April 29 (UPI) — On this date in history:
In 1864, Ashmun Institute in Pennsylvania, the first college founded solely for African-American students, was officially chartered.
In 1885, women were admitted for the first time to examinations at England’s Oxford University.
In 1913, Gideon Sundbach of Hoboken, N.J., was issued a patent for the zipper.
In 1945, troops of the U.S. Seventh Army liberated 32,000 prisoners at the Nazi regime’s Dachau concentration camp near Munich, Germany.
In 1975, helicopters evacuated hundreds of American civilians and military support personnel, and thousands of South Vietnamese from Saigon — the day before the North Vietnamese overran the city.
In 1985, four gunmen escaped with nearly $8 million in cash stolen from the Wells Fargo armored car company in New York.
In 1986, an arson fire destroyed more than 1 million books in the Los Angeles Central Library.
In 1991, a typhoon struck Bangladesh, killing some 135,000 people.
In 1992, rioting erupted in Los Angeles after a jury in Simi Valley, Calif., acquitted four white police officers of nearly all charges in the videotaped beating of black motorist Rodney King. Fifty-three people died in three days of protest and violence.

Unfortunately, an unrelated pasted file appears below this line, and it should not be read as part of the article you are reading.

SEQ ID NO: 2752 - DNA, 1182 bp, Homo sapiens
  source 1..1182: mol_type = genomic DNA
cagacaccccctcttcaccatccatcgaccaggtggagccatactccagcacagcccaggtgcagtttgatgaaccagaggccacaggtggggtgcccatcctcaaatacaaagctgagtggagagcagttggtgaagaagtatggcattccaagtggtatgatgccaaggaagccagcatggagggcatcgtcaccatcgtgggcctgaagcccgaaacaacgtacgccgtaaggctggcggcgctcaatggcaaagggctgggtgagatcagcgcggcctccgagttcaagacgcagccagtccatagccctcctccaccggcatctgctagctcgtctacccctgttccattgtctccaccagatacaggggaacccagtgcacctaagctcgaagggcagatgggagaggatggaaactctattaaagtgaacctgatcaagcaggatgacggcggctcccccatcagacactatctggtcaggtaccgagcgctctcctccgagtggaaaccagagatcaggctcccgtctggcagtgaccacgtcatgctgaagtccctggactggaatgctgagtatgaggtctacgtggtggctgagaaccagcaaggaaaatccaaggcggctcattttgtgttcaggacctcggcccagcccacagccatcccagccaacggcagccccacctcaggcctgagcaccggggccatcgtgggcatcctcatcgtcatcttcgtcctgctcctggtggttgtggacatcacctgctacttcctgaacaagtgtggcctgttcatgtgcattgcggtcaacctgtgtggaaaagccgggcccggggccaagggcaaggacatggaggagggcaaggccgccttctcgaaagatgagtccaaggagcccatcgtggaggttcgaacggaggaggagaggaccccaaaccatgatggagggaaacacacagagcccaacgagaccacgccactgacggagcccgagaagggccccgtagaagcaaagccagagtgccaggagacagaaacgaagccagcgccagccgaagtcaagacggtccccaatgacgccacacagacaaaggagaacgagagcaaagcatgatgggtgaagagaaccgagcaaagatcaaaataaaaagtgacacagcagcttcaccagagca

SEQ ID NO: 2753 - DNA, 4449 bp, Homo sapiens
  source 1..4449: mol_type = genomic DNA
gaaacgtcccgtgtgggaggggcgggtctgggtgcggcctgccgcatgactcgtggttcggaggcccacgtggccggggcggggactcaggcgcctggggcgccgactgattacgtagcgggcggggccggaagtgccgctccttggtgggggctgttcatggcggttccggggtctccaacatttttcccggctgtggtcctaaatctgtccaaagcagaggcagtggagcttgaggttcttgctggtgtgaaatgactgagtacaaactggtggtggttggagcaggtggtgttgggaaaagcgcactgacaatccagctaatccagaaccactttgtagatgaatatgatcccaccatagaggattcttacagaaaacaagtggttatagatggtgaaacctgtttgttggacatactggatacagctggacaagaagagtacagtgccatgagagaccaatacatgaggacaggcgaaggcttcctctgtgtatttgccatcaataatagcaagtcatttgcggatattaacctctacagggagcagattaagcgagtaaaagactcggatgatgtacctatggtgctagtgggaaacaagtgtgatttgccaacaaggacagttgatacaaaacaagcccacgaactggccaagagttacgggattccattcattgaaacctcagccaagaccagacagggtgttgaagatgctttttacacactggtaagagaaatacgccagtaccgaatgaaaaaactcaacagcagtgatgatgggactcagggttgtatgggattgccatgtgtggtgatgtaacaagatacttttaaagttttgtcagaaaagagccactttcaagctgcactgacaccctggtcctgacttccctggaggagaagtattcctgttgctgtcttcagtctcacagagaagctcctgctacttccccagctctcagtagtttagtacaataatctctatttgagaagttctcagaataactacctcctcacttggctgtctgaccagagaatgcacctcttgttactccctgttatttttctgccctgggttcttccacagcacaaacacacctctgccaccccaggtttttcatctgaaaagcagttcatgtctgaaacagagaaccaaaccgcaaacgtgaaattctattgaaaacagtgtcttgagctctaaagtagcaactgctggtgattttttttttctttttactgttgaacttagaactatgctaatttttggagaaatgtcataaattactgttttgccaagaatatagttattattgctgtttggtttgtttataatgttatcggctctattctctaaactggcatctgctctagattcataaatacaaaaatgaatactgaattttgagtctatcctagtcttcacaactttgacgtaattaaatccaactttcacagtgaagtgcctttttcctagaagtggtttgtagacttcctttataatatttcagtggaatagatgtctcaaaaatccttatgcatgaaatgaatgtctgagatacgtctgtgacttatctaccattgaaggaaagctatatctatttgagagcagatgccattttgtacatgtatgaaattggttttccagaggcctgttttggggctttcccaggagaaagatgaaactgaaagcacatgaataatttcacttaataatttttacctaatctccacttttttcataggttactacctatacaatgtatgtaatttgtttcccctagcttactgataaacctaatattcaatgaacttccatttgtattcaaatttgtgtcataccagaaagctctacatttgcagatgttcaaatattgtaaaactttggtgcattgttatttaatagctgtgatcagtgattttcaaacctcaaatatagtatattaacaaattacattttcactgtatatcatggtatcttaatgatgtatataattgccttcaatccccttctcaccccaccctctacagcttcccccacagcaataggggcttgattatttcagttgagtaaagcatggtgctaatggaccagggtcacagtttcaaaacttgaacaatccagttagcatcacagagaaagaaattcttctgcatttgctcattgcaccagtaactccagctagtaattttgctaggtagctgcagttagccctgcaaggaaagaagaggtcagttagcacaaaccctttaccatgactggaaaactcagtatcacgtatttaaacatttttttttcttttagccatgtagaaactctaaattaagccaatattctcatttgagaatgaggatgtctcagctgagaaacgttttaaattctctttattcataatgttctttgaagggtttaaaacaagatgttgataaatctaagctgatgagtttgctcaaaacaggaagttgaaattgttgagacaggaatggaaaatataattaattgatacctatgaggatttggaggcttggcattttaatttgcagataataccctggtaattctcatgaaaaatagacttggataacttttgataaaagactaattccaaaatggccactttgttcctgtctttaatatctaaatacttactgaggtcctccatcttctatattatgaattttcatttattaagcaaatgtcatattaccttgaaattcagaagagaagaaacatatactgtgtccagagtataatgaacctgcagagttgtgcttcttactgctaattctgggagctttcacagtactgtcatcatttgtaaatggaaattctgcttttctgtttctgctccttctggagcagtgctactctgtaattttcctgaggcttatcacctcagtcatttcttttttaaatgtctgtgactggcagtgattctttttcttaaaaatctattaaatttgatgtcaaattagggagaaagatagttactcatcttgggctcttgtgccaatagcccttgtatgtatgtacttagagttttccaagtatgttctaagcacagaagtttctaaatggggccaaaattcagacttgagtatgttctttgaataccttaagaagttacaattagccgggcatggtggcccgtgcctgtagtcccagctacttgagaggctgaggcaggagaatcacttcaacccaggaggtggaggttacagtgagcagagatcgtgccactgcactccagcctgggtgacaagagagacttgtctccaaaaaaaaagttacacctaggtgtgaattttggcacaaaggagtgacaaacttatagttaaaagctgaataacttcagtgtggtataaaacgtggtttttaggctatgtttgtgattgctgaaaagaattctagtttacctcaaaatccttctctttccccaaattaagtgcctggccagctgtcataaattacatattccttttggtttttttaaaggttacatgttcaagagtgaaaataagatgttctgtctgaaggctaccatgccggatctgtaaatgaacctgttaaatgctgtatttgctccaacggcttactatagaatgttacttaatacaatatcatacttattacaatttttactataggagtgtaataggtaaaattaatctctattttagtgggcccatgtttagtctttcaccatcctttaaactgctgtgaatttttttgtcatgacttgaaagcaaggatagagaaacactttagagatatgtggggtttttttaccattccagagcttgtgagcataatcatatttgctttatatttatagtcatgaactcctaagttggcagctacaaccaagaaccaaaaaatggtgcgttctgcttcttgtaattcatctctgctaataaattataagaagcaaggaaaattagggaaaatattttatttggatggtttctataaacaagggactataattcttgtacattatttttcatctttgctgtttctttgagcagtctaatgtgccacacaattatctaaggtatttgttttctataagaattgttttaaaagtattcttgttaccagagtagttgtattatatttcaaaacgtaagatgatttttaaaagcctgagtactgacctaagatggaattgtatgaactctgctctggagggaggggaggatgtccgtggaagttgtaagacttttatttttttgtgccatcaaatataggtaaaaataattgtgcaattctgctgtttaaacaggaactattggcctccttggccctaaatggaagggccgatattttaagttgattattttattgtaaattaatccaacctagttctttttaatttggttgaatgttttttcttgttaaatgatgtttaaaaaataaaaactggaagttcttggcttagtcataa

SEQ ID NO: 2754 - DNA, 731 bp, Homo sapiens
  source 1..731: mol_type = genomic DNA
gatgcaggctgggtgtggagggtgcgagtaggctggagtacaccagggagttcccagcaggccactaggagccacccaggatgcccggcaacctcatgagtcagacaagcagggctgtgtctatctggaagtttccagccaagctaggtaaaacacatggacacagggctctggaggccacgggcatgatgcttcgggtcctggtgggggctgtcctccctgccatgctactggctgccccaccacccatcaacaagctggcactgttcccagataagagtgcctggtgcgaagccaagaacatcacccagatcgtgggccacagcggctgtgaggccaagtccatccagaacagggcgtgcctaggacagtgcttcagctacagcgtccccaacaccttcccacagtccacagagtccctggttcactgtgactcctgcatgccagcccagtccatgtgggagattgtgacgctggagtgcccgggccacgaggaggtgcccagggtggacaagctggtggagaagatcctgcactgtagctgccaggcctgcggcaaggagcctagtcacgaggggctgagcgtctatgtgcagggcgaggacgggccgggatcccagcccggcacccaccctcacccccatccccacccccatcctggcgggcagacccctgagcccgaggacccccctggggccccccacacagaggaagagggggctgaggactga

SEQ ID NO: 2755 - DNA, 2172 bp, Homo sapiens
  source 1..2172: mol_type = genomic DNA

In 2004, the final Oldsmobile was manufactured. The brand had been in existence for 107 years.
In 2010, U.S. Navy Secretary Ray Mabus announced a policy change that allows women to serve on submarines.
In 2011, British Prince William, grandson of Queen Elizabeth II, and college sweetheart Kate Middleton, the new duchess of Cambridge, exchanged wedding rings and vows in a regal ceremony at Westminster Abbey before an estimated worldwide audience of 2 billion people.
In 2013, Jason Collins of the NBA became the first active player in a North American major sports league to announce he is gay.
In 2014, NBA Commissioner Adam Silver announced a lifetime ban for Donald Sterling for racist comments the league said the Los Angeles Clippers owner made in a recorded conversation. Sterling was also fined $2.5 million.